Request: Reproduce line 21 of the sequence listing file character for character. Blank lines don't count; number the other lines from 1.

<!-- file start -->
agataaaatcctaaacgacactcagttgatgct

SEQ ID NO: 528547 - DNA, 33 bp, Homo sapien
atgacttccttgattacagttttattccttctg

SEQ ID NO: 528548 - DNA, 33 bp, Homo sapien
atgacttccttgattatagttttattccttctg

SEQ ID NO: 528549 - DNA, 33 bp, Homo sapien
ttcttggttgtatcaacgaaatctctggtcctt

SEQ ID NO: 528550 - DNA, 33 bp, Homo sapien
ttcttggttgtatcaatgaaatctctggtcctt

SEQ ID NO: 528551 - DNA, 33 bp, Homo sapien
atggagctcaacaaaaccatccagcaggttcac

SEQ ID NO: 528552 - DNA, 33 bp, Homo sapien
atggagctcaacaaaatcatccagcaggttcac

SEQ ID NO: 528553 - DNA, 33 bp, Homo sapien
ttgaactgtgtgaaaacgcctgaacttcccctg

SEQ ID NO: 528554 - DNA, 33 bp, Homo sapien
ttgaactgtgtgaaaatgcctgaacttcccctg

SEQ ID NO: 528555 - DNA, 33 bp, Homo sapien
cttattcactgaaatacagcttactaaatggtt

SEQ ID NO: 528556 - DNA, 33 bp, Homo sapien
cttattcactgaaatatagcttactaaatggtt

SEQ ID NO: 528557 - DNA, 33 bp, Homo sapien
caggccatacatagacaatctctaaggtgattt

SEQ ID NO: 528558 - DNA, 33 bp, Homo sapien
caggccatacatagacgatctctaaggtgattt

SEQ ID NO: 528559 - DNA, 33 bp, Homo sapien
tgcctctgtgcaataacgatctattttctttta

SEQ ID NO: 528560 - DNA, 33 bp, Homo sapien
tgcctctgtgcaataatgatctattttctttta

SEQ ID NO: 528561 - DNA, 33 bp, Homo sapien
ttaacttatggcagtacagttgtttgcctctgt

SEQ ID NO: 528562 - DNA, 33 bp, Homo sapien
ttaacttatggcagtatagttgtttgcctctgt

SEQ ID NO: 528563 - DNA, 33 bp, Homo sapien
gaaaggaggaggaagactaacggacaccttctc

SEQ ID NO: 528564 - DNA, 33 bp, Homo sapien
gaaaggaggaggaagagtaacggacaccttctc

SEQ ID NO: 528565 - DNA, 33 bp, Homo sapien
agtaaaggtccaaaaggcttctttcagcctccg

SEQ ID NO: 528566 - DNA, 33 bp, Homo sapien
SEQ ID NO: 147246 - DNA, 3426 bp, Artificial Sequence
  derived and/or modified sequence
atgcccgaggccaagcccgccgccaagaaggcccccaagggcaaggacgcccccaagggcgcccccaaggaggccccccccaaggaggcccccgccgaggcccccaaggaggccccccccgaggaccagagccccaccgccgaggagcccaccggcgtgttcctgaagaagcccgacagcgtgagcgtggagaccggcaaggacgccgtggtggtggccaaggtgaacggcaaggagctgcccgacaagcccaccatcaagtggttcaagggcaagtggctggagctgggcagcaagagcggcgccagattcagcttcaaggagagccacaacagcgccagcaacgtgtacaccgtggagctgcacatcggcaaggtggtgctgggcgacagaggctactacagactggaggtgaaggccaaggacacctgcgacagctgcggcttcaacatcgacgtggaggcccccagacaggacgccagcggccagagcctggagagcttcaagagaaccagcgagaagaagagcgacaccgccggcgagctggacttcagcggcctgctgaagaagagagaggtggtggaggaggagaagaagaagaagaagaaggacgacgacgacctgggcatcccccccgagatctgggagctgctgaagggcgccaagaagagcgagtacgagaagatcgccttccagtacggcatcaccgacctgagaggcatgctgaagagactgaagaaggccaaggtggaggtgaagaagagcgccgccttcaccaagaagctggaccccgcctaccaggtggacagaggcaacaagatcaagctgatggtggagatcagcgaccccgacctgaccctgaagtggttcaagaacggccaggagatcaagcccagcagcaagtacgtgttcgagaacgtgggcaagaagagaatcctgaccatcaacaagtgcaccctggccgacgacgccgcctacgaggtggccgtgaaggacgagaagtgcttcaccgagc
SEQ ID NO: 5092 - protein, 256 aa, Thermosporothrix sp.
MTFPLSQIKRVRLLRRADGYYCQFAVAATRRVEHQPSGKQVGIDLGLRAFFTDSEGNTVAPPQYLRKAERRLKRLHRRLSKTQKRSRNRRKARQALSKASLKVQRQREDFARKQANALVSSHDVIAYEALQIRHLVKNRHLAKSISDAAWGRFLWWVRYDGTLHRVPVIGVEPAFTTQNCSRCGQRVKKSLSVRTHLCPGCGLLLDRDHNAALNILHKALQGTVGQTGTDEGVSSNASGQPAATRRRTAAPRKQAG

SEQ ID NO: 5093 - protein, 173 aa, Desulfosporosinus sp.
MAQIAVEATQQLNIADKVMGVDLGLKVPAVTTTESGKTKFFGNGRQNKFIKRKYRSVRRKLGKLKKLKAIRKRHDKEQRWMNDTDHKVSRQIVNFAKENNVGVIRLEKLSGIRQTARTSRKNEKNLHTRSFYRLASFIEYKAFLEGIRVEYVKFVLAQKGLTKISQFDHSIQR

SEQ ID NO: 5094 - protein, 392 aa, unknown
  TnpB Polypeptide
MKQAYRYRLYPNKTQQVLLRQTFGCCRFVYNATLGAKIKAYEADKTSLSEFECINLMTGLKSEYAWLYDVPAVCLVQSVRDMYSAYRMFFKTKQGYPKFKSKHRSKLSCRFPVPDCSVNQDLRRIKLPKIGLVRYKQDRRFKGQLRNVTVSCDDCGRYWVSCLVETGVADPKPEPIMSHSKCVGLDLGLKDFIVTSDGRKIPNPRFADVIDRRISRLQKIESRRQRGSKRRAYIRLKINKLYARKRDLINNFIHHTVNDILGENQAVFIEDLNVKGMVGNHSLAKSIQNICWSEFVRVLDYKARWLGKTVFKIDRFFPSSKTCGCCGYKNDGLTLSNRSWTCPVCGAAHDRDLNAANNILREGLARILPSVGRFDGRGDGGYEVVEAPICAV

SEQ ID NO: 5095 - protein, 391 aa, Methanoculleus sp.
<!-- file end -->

cttattcactgaaatatagcttactaaatggtt